For most, it appears, the bloom is indeed off the rose. The ongoing, worsening war in Afghanistan; the healthcare “reform” bill that was nothing but a sop to the big insurance and pharmaceutical companies; the stagnant economy; the bailouts of banks, automakers, and even foreign countries; the potentially felonious job offers to Democratic primary candidates; and the seemingly eternal BP oil spill have all contributed to Obama’s most recent job approval rating of 46 percent — lower than both George W. Bush’s and Bill Clinton’s ratings at this same point in their respective tenures.
Perhaps the best evidence of the President’s declining fortunes is this: He was able to get Congress to pass a massive healthcare mandate in March, but today, according to the Associated Press, he is struggling to get those same legislators merely to extend a health-insurance subsidy for the unemployed.
“Under a 1980s law known as COBRA,” reports the AP, “laid-off workers generally can stay on their former employers [sic] health plan for up to 18 months, provided they pay the full premium plus a small administrative charge. But with family premiums averaging about $13,500, the cost is prohibitive for most people.”
The AP continues: “That changed under the 2009 stimulus bill and subsequent expansions, which provided a 65 percent federal subsidy for up to 15 months. Workers laid off through May 31 can qualify for the benefit through their former employer.” But, says the AP, “despite pleas from President Barack Obama,” Congress has not extended the qualifying period, so anyone laid off after May 31 will have to foot the entire bill for his own health insurance rather than relying on Uncle Sam for most of it.
The main reason Congress has not renewed the program is that moderate Democrats “have rebelled against adding billions more to the deficit in a treacherous election year,” according to the AP. ObamaCare was sold as a deficit-reduction measure (although that, to no one’s great surprise, turned out to be a fraud), but it is impossible to portray a good old-fashioned wealth-transfer program as anything but more red ink.
There are also conservative Democrats, says the AP, who feel that the program is unfair in that it subsidizes some people’s health insurance but not others. The logical conclusion, then, is that they would be on board if the program were going to cost, oh, five or ten times as much just so long as everyone gets his fingers in the till.
Other Democrats, less budget hawk and more bleeding heart, want to extend the program to those who get laid off through November 30 and “want to attach their nearly $7 billion provision to must-pass legislation that would extend unemployment benefits and make changes in dozens of federal programs.” One of them, Sen. Bob Casey of Pennsylvania, said, “Now is not the time to pull up the ladder on people who are hanging on, in some cases to the last rung.” But when is? There are always similar excuses for continuing government programs. And why stop at the end of November? If it’s such a wonderful program, why not keep it going in perpetuity? For that matter, why pay only 65 percent, and why restrict it to certain individuals? (Answer: Democrats know their beloved programs would never be enacted if they tried to implement them all at once because the enormous cost and certain failure would be evident to all at the outset. Why else do they not, for example, immediately raise the minimum wage to $100 an hour instead of incrementing it a few cents at a time?)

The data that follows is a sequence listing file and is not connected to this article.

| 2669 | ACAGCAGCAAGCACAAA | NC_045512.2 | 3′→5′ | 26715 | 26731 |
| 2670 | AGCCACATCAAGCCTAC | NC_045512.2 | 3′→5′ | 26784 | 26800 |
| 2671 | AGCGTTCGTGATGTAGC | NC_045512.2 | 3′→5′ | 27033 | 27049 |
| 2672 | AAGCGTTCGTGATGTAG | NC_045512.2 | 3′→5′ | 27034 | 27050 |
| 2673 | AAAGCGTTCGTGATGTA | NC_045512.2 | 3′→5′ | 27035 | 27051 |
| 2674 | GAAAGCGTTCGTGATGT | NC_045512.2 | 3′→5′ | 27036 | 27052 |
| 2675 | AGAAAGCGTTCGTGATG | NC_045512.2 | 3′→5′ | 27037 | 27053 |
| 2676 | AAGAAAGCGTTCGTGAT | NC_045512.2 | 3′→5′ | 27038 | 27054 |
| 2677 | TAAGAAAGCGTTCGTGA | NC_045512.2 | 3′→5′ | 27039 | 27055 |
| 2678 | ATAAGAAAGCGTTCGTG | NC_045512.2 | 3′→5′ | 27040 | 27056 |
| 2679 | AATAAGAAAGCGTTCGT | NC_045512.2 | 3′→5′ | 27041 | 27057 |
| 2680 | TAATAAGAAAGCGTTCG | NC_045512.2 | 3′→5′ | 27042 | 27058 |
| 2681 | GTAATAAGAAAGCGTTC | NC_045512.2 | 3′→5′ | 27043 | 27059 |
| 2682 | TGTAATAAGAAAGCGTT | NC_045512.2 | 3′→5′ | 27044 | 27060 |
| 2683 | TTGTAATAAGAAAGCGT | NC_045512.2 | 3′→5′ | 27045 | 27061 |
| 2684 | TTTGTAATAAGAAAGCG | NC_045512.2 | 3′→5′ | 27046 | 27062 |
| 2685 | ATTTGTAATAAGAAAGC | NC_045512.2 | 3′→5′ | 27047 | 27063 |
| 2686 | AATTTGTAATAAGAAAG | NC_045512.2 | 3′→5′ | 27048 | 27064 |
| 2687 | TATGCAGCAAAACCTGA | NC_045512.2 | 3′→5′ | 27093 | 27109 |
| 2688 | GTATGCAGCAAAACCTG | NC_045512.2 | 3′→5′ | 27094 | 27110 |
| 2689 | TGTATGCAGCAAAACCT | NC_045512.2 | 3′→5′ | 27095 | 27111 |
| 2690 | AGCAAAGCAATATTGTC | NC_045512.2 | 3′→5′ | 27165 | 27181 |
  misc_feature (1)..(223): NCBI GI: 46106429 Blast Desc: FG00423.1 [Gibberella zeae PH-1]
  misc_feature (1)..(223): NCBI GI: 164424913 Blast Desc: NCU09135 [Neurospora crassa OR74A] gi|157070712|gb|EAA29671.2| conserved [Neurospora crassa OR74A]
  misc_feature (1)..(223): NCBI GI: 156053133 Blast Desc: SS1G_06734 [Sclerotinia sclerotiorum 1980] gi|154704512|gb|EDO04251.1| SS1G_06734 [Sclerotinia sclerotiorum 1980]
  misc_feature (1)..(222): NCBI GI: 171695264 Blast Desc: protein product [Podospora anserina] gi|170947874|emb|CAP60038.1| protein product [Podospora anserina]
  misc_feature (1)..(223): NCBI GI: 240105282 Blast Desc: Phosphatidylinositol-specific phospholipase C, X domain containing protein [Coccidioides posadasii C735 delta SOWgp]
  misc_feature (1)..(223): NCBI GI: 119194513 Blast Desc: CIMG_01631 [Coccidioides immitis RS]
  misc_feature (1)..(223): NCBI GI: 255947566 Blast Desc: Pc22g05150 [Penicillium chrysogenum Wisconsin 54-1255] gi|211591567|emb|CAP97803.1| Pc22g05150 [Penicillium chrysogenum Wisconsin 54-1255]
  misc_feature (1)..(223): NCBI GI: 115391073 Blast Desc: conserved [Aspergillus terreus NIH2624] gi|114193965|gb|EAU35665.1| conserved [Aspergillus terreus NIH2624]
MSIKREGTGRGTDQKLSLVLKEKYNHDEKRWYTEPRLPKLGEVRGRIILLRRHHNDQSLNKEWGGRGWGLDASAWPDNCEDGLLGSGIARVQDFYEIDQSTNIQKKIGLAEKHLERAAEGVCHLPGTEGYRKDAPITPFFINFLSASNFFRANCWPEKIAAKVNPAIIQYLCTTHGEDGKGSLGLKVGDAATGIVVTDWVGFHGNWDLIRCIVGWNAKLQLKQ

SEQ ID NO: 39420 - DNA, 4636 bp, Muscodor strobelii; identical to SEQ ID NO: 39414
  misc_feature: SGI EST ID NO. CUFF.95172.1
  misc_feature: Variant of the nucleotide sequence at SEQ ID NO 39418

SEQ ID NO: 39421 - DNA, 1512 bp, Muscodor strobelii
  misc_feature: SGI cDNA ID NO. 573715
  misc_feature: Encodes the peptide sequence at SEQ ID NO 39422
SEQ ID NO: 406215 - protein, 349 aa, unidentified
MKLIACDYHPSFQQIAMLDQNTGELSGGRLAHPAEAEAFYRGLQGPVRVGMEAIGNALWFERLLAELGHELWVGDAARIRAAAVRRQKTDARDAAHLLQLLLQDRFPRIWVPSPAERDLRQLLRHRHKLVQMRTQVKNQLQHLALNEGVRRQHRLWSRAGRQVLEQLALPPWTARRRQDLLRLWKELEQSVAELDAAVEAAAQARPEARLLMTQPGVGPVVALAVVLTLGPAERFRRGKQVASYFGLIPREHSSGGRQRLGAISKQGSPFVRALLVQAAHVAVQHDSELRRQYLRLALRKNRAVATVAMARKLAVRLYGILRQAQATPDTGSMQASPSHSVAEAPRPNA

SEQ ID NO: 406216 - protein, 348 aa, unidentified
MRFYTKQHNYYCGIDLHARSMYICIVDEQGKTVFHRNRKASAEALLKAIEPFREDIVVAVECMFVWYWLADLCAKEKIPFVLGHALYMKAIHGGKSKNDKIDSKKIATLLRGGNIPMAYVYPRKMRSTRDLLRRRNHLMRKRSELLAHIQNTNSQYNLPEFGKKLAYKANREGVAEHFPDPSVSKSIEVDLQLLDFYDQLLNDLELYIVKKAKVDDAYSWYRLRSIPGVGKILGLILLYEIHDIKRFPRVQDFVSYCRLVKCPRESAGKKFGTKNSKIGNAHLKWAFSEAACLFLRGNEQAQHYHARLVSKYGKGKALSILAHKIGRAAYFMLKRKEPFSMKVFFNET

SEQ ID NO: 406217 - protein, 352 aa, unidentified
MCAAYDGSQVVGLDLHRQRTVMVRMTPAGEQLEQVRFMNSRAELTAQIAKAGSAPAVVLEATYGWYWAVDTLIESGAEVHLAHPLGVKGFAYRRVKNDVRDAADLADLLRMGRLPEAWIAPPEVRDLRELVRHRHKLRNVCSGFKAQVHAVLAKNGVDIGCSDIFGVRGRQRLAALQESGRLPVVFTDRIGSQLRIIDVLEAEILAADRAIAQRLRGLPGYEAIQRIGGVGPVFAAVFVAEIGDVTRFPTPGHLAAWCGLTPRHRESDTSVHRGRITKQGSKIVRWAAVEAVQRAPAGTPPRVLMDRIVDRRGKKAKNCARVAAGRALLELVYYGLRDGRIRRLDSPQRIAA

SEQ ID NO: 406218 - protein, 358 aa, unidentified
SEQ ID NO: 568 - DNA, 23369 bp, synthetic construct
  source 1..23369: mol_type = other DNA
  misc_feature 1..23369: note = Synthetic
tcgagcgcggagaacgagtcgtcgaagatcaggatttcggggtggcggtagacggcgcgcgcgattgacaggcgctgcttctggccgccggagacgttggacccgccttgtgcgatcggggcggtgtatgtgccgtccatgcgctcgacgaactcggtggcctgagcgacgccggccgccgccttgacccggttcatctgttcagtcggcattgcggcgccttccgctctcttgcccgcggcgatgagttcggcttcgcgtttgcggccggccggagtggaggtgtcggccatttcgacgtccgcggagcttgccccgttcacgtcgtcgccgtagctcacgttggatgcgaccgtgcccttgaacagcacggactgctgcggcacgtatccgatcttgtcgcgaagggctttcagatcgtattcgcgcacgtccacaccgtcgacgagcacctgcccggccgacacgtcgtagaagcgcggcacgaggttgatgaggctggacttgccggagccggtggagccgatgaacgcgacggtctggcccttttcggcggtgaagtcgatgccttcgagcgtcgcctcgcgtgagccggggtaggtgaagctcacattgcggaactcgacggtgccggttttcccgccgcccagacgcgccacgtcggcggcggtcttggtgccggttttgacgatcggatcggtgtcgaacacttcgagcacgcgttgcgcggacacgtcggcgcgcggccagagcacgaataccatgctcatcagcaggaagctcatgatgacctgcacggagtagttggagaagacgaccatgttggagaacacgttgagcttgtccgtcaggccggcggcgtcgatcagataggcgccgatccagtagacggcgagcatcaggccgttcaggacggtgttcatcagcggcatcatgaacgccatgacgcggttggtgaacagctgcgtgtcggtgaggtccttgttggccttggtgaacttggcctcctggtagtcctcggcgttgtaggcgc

Yes, it’s a very bad thing to be laid off and not to be able to afford health insurance. Yet why should an unemployed person’s neighbor, who may himself be out of a job, be forced to pay for that person’s healthcare?
Furthermore, if not for decades of government interference in the healthcare sector, now including the looming disaster of ObamaCare, the cost of care itself, and consequently that of insurance, would be within reach of the average person. The subsidy for the unemployed to purchase health insurance is just another of the government’s attempts to clean up the mess it’s made by doing more of what created the mess in the first place, and it is just as certain to fail as all previous attempts.
For now the good news is that Obama doesn’t appear to have the political capital to get even a modest (by Washington standards), seemingly compassionate subsidy passed. If the Democrats’ majorities in both houses of Congress are eroded or even eliminated in November, he’ll be in an even worse position.
The political class decries gridlock, of course, because it prevents the government from expanding at full throttle. But if we can’t expect the government to reverse course — and it shows no signs of doing so, nor would Obama allow it — then the best we can hope for is to stall the engine for a while. An “impotentate” in the White House is a good start.
Photo: Vice President Joe Biden and House Speaker Nancy Pelosi listen as President Barack Obama delivers his State of the Union address on Capitol Hill in Washington, Jan. 27, 2010: AP Images